Photo © Art Gray

Stone Creek Camp

Andersson標ise Architects

Bigfork, Montana
July 2011

Andersson•Wise Architects creates a sculptural lakeside refuge that balances the wild with the refined.

By Ingrid Spencer

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People have an inherent craving for an unimpeded prospect, coupled with a need to find refuge, as the British geographer Jay Appleton noted in his 1975 book The Experience of Landscape. In other words, humans want to have a view and a place to hide. Appleton’s theories inspired architects Arthur Andersson and Chris Wise of Austin, Texas, in their design of a four-building compound in northwestern Montana.

Their clients, Connie and Martin Stone, for whom Andersson•Wise Architects had designed a house in Tucson, Arizona, wanted both prospect and refuge in their camp on Flathead Lake, Montana. As Connie Stone says, the couple felt that the firm would create “a completely unique place where we would feel both protected and in nature.”

Descending a narrow gravel path through dense forest, you encounter first the compound’s 1,859-square-foot gatehouse, then a 5,358-square-foot lodge, a 2,073-square-foot guesthouse, and, closest to the lake, a 3,231-square-foot “master” house. Here the clients have their bedroom, baths, sitting room, and two offices.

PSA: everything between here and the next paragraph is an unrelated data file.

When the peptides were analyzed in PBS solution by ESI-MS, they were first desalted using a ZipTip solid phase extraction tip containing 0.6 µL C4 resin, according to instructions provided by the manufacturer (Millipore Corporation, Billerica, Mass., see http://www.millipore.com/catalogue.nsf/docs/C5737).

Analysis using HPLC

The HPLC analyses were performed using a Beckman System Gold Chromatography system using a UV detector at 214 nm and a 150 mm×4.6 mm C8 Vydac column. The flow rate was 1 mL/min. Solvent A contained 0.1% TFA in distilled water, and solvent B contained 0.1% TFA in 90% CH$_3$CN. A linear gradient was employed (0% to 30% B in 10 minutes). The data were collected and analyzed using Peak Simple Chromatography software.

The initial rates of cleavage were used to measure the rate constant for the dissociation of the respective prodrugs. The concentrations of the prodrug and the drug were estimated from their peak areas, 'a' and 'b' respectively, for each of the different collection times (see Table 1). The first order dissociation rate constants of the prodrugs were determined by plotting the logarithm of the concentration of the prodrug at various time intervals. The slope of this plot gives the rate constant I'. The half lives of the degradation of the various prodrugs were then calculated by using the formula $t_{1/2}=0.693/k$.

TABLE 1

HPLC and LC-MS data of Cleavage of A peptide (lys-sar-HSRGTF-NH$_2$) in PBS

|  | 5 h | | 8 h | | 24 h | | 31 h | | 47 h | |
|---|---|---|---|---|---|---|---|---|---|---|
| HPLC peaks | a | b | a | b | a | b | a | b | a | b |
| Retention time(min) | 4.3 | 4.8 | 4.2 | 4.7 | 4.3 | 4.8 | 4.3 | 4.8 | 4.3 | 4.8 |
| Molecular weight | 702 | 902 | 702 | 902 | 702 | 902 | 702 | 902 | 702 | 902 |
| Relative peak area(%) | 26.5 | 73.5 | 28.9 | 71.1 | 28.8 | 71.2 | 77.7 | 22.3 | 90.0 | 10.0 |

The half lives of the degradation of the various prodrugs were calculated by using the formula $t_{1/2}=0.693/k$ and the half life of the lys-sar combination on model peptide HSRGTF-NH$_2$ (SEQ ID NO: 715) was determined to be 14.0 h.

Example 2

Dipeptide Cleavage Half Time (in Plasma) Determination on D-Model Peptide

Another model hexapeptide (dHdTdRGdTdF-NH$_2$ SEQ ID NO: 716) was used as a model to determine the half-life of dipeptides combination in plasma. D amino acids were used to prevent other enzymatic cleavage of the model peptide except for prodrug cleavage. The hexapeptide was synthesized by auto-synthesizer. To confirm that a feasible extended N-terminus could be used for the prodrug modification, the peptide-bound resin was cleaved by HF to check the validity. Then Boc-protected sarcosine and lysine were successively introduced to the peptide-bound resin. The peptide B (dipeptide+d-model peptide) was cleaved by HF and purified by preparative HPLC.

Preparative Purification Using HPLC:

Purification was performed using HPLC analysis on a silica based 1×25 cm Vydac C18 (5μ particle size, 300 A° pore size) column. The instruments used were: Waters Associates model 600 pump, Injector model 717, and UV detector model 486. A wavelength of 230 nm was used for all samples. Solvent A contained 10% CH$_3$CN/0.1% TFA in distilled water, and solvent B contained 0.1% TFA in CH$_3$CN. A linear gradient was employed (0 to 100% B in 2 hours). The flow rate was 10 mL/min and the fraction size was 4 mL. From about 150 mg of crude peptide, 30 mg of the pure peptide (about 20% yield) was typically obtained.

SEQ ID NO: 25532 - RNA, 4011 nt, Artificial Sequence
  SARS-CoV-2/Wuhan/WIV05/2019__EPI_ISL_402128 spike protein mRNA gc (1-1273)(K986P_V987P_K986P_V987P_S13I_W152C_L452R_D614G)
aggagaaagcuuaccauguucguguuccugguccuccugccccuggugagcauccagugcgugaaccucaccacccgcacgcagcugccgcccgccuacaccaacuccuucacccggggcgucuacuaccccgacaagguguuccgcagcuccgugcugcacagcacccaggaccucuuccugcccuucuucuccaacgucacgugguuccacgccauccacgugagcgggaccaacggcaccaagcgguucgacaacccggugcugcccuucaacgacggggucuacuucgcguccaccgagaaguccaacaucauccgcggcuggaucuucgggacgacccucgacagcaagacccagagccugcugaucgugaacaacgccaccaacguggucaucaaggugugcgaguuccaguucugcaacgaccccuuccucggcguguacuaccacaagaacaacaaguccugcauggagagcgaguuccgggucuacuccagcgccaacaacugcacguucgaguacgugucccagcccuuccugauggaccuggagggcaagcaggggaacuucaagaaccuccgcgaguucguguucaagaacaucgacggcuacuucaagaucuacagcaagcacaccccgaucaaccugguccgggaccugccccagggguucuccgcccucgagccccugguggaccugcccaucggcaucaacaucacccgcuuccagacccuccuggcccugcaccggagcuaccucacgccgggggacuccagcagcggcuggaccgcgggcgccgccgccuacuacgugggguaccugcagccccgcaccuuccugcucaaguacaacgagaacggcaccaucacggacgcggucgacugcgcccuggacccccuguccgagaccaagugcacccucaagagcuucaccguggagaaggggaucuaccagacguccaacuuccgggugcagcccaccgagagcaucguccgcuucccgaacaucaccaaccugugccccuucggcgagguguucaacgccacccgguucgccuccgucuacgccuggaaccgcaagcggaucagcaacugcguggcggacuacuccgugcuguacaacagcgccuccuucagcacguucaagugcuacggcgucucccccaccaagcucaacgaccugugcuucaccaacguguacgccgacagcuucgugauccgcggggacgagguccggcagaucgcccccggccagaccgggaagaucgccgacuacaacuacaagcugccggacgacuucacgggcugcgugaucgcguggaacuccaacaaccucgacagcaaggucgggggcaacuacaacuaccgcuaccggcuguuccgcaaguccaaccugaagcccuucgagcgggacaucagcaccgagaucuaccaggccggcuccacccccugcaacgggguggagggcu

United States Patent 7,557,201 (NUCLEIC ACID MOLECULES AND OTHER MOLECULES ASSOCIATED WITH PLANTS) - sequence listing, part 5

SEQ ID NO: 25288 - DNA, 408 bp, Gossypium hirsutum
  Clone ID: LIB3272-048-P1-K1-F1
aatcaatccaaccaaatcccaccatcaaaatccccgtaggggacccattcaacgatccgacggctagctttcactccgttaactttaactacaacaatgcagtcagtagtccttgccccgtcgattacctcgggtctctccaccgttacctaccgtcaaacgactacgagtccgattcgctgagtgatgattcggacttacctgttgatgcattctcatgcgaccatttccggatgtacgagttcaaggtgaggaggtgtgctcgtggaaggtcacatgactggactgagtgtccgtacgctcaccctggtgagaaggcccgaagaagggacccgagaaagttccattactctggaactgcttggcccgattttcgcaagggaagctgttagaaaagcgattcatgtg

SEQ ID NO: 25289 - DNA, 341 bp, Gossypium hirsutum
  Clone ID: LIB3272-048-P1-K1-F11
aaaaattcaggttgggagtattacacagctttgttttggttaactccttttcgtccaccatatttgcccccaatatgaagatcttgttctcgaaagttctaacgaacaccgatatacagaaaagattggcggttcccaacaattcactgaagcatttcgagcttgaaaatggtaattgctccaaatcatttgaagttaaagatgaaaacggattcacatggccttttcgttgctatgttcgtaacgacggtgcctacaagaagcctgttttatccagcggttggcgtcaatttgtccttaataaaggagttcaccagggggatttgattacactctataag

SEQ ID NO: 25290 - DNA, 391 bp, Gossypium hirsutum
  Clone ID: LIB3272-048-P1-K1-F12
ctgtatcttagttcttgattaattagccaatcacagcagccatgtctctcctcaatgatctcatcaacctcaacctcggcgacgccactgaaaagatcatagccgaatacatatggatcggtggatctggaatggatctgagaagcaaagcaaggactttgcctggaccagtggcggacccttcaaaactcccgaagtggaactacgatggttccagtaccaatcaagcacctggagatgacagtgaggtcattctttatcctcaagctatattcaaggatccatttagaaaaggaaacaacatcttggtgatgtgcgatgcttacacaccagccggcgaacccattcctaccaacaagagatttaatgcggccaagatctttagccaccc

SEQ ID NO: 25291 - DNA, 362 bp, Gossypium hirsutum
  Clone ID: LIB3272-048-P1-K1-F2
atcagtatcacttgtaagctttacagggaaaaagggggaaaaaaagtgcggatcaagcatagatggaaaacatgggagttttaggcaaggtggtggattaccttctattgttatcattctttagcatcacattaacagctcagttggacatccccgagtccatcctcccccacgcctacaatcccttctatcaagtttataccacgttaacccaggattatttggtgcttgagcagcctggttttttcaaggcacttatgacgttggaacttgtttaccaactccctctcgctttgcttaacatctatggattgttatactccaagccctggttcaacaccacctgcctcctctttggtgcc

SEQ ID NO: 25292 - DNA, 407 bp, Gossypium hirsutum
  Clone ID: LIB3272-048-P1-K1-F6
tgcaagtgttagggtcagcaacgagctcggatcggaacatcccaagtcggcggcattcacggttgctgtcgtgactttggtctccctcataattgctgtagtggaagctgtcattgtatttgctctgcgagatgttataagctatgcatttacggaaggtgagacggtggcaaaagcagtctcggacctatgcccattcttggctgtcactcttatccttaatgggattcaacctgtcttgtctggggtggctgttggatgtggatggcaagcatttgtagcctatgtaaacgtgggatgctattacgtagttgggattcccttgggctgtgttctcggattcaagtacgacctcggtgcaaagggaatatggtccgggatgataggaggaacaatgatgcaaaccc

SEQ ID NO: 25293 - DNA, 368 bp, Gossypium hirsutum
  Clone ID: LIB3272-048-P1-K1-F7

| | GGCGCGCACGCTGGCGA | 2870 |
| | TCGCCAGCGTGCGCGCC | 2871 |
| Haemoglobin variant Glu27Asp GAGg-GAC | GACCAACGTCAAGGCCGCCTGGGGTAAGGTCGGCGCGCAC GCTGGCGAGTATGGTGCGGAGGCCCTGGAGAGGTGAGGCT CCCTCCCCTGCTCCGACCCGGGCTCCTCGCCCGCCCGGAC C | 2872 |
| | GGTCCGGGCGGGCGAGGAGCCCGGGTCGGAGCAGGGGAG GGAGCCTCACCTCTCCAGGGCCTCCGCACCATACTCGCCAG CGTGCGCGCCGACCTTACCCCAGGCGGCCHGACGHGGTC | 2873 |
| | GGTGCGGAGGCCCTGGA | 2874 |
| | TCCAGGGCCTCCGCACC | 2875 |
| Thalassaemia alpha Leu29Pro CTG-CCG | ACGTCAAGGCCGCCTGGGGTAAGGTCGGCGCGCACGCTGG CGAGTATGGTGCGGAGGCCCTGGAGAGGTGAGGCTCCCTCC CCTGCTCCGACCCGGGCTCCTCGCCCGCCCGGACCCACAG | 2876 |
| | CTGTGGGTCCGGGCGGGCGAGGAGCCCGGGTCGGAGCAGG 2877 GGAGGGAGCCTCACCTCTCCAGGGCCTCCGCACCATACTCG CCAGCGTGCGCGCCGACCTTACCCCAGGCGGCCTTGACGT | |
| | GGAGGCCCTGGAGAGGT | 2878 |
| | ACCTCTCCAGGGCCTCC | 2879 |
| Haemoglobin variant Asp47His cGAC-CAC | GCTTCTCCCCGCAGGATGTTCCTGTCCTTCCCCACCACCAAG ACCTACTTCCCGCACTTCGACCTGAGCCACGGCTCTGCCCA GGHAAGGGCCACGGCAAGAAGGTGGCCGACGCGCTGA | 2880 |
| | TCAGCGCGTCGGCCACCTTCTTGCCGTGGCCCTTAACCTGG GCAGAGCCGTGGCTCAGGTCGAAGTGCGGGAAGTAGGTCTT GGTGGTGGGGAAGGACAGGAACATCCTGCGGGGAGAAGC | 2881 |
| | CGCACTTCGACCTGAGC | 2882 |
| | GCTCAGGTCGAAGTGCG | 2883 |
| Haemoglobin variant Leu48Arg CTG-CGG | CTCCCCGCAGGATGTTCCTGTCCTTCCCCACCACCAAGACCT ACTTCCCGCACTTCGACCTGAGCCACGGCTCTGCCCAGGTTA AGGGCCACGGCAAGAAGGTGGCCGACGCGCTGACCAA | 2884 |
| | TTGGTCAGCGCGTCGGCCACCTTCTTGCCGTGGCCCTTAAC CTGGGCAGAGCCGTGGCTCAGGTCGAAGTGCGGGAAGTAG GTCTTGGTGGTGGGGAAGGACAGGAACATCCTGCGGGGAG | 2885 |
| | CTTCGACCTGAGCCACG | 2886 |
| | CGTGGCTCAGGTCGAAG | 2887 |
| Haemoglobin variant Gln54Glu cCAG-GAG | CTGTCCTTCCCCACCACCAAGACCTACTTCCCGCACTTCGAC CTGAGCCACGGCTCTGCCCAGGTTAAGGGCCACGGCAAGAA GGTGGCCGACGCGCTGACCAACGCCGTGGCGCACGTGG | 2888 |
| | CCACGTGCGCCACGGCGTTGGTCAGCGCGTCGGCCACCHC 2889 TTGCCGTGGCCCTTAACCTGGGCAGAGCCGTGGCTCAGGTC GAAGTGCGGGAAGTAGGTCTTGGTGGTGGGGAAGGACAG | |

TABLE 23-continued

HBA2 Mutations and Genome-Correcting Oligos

Each of the buildings possesses its own personality, yet all have intimate, cavelike spaces and expansive porches. Movable walls provide seamless connections between the inside and outside, plus dramatic views of the lake.

While the gatehouse, guesthouse, and lodge are all clad in black-stained cedar with pitched Corten steel roofs, the master house stands out as the pièce de résistance. Designed as a sculptural object in the landscape, it provides a separate place for the clients to retreat from family and guests.

On the upper side of the house, the architects built walls of reused Douglas fir, larch, and grand fir trees that were cleared on the site. Milled to standard cordwood size, the logs are dry-stacked on either side of an insulated, waterproof layer, and secured with blind fasteners.

 In addition, rock walls of locally quarried granite and a planted roof make this house feel refined yet humble — civilized with a natural roughness that fits its setting.

The master house, as well as the other three buildings on the site, was strategically placed to avoid impeding the path of a series of underground streams that flow to the lake.

These streams help irrigate other, more civilized spaces carved out of the wilderness — most notably a lawn that slopes down to the water. “If I could pick one word to describe the spaces, both inside and out,” says Connie Stone, “I’d call them ‘pure.’ Everything is resolved, everything is correct.”  And the spaces achieve their intended dual role.  

July 2011
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